Growing up I was a typical lad. I wouldn’t say I struggled at school, but I wasn’t the most committed pupil. I had plenty of friends from all different backgrounds, although I always felt that I struggled to fit in with any of them. I come from a very loving family and I grew up with everything you could really need to be set up for a successful, happy future.
Throughout school, I was absolutely obsessed with music! It wasn’t long before me and my friends started sneaking into raves. It was here where I discovered drugs and began to take ecstasy, speed and cocaine.
Once the raves were over, we’d go back to my friends and carry on the party. At least that was what I wanted. We’d get back and everyone would fall asleep. Well, everyone except me. I’d always feel the need to go out and continue using the drugs alone and I’d take what was there until I’d run out and not be able to get anymore. I soon realised I was different from everyone else and quickly learnt that once I started, I couldn’t stop.
Cocaine always took precedence over the other drugs. And by the time I was 18 I was using cocaine up to 4 times a week. This started to take a toll on my family when I’d take money to fund my habit. When money was tight, I began to use mephedrone as this was a cheaper option to get high.
I was always able to find employment, but I could never hold a job down due to my drug habits. Then the time had come when I realised, I’d had enough. I needed change and my brother was serving in the Royal Navy. I came to the belief that the Navy was the answer for me to make the changes I needed. It would get me away from the drugs and teach me how to become a good and honest person.
One day, during my basic training I collapsed with severe abdominal pain and I was rushed to the hospital. In the hospital, they discovered I had perforated stomach ulcers, appendicitis and pneumonia. I remember the doctors asking me if I had ever used drugs because I was ‘much too young for ulcers.’ Unsurprisingly, I lied and replied “never”. I quickly came to the conclusion that the methedrone had caused this and I swore it off for life.
After a while of recovery leave, I came back, completed my training and went to sea. My cocaine habit resurfaced almost instantly, and my alcohol consumption had also increased. I was drinking whiskey or rum with my breakfast and I became really depressed when my ship returned to the UK.
Returning home with no job and no immediate job prospects, cocaine took the lead on my life. I was using daily, committing crime to fund my habit and I hated myself. I had become the person I always swore I wouldn’t. This is when I first approached Change Grow Live. At the time I knew nothing of addiction or recovery, I just knew I couldn’t stop using, my life had become hell and I needed help!
I was supported into rehab and I went along both willing and excited to start my new life. I spent nearly three months abstinent there and I was introduced to 12 Step Recovery. On the day of my leaving I was adamant this was the beginning of a new life and things would never be or get as bad as how they had been before.
I stayed sober on the train from Liverpool to Hull, but the thoughts were there and within an hour of being home, I was alone in my bedroom with a bottle of spirit and a quantity of cocaine. For the next four years, I was completely powerless over both cocaine and alcohol. My family relationships completely broke down and I was getting evicted from home after home. I could see myself on a daily basis destroying not only my own life but the lives of my family who at this point truly believed that I was going to die through my addiction and fast, and to be honest I was hoping that day would come sooner rather than later.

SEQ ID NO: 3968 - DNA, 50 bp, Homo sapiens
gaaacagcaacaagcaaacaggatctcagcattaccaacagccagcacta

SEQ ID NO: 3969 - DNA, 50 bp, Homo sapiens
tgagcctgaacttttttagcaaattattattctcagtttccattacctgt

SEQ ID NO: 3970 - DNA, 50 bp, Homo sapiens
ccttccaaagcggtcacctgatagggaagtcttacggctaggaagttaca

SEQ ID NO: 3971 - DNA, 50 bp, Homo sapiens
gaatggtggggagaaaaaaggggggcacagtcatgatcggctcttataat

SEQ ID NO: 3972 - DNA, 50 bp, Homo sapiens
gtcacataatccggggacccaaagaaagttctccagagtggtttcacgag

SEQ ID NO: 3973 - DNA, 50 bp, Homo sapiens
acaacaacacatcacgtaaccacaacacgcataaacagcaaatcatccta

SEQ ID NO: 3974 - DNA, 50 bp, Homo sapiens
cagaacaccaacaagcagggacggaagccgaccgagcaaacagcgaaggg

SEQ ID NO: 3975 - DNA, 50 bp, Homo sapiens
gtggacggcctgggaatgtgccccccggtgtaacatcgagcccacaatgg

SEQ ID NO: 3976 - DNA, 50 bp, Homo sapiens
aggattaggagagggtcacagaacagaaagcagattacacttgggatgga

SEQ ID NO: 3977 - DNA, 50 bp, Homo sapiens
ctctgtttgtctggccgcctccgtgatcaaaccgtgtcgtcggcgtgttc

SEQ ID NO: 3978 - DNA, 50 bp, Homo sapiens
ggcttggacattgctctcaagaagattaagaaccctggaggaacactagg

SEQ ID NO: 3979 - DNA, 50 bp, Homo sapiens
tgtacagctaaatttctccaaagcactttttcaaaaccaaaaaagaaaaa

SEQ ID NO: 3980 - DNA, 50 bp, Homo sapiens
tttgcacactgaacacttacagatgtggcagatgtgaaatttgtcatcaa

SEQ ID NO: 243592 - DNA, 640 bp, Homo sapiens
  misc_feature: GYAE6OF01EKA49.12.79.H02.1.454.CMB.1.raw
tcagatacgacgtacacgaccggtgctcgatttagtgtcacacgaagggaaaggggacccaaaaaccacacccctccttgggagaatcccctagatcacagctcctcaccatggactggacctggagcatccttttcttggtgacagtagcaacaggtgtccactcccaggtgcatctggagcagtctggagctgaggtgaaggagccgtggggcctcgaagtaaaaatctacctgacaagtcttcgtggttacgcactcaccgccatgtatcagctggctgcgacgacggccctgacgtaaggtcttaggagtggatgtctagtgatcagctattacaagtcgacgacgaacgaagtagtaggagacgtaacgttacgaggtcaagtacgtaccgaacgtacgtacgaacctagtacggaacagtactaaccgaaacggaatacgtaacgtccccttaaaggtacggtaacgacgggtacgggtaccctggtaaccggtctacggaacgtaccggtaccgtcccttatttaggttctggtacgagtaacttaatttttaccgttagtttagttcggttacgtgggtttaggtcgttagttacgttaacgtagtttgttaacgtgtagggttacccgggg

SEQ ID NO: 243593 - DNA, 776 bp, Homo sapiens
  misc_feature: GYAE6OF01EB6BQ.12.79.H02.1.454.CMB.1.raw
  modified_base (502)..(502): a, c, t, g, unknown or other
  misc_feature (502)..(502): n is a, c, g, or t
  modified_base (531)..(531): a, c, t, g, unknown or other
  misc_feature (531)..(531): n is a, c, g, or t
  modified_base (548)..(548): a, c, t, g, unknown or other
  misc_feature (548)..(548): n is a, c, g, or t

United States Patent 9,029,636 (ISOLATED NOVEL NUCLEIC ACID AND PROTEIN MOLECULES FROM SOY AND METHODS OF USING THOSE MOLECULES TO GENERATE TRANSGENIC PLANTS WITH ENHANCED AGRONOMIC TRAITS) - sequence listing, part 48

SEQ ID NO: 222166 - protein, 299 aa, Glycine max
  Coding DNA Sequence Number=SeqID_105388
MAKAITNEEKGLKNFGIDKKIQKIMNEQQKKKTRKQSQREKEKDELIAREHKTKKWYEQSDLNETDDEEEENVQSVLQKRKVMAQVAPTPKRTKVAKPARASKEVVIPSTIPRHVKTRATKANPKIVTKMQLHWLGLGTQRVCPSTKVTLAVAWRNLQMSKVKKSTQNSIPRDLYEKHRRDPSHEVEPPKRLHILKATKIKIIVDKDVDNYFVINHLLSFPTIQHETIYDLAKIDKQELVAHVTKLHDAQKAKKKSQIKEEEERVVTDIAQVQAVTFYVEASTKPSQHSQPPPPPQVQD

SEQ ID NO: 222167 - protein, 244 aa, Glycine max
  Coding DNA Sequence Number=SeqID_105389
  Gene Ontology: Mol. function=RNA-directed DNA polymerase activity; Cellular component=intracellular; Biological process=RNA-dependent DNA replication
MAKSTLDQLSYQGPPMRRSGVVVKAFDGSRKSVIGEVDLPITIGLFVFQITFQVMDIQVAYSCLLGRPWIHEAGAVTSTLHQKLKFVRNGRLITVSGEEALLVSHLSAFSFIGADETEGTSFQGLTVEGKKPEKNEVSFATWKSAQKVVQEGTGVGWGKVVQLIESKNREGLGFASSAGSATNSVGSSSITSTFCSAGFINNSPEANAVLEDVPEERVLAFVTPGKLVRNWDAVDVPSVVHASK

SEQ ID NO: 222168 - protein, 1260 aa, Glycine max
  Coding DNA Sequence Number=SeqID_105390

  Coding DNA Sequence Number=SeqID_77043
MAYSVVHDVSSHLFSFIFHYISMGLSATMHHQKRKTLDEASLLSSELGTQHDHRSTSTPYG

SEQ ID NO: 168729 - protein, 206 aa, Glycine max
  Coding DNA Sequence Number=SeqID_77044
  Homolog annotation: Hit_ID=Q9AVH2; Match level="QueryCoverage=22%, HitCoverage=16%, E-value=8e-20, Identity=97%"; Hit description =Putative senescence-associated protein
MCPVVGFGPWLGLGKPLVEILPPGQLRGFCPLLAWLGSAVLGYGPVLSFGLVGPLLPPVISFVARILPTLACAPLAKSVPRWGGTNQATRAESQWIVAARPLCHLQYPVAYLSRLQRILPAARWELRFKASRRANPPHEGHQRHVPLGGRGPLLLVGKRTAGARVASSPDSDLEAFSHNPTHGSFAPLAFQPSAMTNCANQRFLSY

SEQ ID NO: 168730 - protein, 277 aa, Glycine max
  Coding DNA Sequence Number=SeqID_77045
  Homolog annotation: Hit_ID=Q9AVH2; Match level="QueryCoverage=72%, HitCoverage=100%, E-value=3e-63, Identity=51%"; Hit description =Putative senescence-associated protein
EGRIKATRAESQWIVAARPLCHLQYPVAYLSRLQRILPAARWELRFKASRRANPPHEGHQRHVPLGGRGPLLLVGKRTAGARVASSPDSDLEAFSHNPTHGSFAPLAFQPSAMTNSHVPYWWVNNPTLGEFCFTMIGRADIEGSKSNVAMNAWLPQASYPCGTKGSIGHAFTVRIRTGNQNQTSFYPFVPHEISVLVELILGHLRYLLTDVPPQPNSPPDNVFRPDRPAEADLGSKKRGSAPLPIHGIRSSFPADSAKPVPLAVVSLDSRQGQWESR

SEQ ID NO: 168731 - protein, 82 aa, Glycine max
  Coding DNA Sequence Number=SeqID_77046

I remember the final day I used like it was yesterday. I was empty. I felt like I had lost all my emotion; sitting in an empty flat alone in crippling drug debt and knowing I had a broken family. I was just sat there in a corner absolutely scared to death, completely resenting every cell in my body. And that’s when it happened… I got this overwhelming feeling that it was all over. This feeling that made me believe I didn’t have to be scared anymore. I got up, left the corner of that room and went to the first 12 Step meeting I saw was available and I asked for help. And from that day to this I have been completely free from my addiction.
A couple of months into my new life I decided I wanted to help others living life in addiction find a new way. I thought about the help Change Grow Live had given me when I needed it most and approached them to see if I could volunteer. The staff was very understanding and helpful and give me a position volunteering quite soon after as a Peer Mentor.
I would say volunteering has been the most positive and rewarding experience of my life so far. I have completed a recognised qualification funded by Change Grow Live and I have received help and support every step of the way. Volunteering has not only given me an insight into the workings of drug and alcohol treatment, but it has also given me skills that I will use for the rest of my life. Through volunteering, I have been able to see the organisation from a different perspective and I knew that this would be somewhere I would be happy to work and somewhere I can achieve my goals, too.
Throughout my time volunteering with Change Grow Live, I worked alongside partner agencies and gained even more experience by working with a probation service and a local hostel. This really helped expand my knowledge of multi-agency working and now, through volunteering, I have achieved paid employment as an Apprentice Recovery Coordinator at the Change Grow Live service in Hull. With the continued support and hard work from the Volunteer Coordinator, I now have my start to a career helping others recover from addiction.